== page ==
There is a need, therefore, for an improved heat exchanger, especially a heat exchanger for welding machines. In particular, there is a need for heat exchangers with reduced complexity. A heat exchanger is needed having easy access to internal components. Furthermore, a heat exchanger is needed that provides easily accessible connectors and controls.

SUMMARY OF THE PRESENT INVENTION

The present invention features a heat exchanger that is intended to respond to these needs. The system is particularly suited to cooling of welding tools having coolant ducts therethrough. It is adapted to be placed on top of the welding machine and to remain in place by engagement with a lug extending from the upper surface of the welding machine.

Thus, in accordance with a first aspect of the invention a heat exchange system includes a motor, a pump coupled to the motor to circulate coolant, a radiator coupled to the pump to cool the coolant, a resilient hollow reservoir to hold the coolant, including a planar base portion and an annular portion integrally coupled to the base portion and extending upwardly from it. A fan may be coupled to the motor and be shrouded within the annular portion. A control panel may be provided on a second end of the base portion. A cover may be provided to enclose the motor and pump extending between the arcuate portion and the control panel. Air vents may be disposed in the cover. The reservoir may have a drip pan for catching coolant leaks. There may be indentations on the bottom surface of the reservoir to prevent lateral movement of the heat exchange system by interfering with upwardly extending members of a supporting piece of machinery. Handholds may be provided in the bottom of the reservoir that may be oriented along a center line of the heat exchange system in a direction substantially parallel to a rotational axis of the motor. These handholds may be disposed along an axis of symmetry of the heat exchange system.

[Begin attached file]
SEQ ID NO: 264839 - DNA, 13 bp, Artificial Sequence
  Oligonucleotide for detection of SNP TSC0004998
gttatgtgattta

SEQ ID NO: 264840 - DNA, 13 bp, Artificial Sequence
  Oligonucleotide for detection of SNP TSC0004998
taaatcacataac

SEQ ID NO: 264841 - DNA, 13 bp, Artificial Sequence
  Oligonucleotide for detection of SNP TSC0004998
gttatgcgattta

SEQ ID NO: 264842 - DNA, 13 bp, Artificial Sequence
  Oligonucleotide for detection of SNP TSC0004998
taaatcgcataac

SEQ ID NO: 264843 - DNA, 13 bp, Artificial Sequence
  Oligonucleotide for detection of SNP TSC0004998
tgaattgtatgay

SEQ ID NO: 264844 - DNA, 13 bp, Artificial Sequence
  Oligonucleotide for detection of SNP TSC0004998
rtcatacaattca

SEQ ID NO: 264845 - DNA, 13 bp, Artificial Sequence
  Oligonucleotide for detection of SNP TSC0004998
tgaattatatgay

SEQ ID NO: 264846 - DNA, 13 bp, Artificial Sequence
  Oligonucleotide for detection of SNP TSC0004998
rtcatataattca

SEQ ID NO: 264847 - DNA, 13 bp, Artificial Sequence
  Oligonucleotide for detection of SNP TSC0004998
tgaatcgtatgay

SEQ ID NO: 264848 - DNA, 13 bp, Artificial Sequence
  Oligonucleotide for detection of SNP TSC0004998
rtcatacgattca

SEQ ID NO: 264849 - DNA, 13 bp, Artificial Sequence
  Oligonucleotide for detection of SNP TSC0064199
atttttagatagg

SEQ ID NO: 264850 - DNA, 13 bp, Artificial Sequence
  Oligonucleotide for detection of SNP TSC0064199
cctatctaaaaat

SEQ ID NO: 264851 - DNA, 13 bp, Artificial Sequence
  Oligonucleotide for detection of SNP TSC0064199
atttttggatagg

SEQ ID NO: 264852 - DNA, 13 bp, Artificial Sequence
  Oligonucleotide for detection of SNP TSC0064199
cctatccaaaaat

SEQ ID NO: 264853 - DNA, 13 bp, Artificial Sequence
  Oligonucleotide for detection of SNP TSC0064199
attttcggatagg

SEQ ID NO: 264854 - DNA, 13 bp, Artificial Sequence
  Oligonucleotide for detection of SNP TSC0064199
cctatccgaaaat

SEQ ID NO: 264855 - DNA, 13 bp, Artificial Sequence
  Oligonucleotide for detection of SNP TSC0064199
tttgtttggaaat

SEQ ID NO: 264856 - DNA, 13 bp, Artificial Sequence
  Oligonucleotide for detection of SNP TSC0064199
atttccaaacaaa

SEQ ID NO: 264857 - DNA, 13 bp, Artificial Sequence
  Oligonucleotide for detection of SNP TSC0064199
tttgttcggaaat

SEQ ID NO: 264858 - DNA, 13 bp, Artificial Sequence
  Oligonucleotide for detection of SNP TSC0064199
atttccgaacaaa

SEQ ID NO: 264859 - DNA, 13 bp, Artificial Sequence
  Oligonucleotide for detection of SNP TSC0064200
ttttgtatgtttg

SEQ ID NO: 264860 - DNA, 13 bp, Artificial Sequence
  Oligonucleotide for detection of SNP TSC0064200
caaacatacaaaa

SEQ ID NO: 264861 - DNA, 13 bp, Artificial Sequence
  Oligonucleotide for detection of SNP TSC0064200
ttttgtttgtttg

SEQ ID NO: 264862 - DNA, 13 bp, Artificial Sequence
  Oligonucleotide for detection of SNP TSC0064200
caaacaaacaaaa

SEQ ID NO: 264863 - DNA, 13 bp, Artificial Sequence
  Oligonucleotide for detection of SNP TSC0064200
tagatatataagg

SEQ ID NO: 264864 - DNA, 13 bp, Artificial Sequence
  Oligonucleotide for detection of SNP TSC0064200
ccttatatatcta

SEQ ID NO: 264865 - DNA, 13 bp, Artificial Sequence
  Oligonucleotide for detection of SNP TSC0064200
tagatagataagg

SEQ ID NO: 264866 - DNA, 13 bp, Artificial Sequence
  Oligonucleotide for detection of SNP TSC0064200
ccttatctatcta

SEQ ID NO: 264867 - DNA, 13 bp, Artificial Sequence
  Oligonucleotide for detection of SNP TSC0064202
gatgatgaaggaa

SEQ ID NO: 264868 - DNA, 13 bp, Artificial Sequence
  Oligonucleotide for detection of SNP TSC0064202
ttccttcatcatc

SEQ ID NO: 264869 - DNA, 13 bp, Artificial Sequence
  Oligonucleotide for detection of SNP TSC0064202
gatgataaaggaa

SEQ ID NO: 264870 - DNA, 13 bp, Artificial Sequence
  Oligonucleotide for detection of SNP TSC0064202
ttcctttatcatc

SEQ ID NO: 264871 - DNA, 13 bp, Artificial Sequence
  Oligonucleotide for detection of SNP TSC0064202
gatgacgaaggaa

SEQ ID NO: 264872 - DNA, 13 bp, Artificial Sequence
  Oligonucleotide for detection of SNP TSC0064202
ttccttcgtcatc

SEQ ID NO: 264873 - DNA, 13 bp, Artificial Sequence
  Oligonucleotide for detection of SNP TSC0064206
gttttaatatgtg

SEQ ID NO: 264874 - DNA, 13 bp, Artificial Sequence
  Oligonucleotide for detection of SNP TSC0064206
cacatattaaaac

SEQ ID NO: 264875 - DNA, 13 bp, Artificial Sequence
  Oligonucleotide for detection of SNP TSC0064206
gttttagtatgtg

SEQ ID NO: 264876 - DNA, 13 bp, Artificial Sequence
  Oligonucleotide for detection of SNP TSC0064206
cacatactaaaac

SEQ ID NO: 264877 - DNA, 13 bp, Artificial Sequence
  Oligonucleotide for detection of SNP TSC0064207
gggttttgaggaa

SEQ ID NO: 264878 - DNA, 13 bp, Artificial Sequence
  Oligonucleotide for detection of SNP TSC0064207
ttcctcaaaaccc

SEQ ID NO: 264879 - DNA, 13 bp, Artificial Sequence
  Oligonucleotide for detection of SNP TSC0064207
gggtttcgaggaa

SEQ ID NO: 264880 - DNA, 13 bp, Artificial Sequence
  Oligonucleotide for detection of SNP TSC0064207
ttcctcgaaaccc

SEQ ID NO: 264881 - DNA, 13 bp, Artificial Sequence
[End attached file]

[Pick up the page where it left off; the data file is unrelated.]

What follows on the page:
In accordance with another aspect of the invention, a reservoir for a heat exchange system is provided, including a planar base portion, and an annular portion extending upwardly above the base portion from a first end of the base portion. The base portion may be indented to form a motor-receiving platform. The motor-receiving platform may have an air channelling indentation. The base portion may include a drip tray disposed to receive coolant leaks. This tray may have an overflow channel. The annular portion may be adapted to shroud a fan. The planar base portion may have a plurality of indentations on its lower surface adapted to receive protrusions from an upper surface of a heat exchange system. The planar base portion may have an indentation adapted to receive a lug extending upwardly from a welding machine.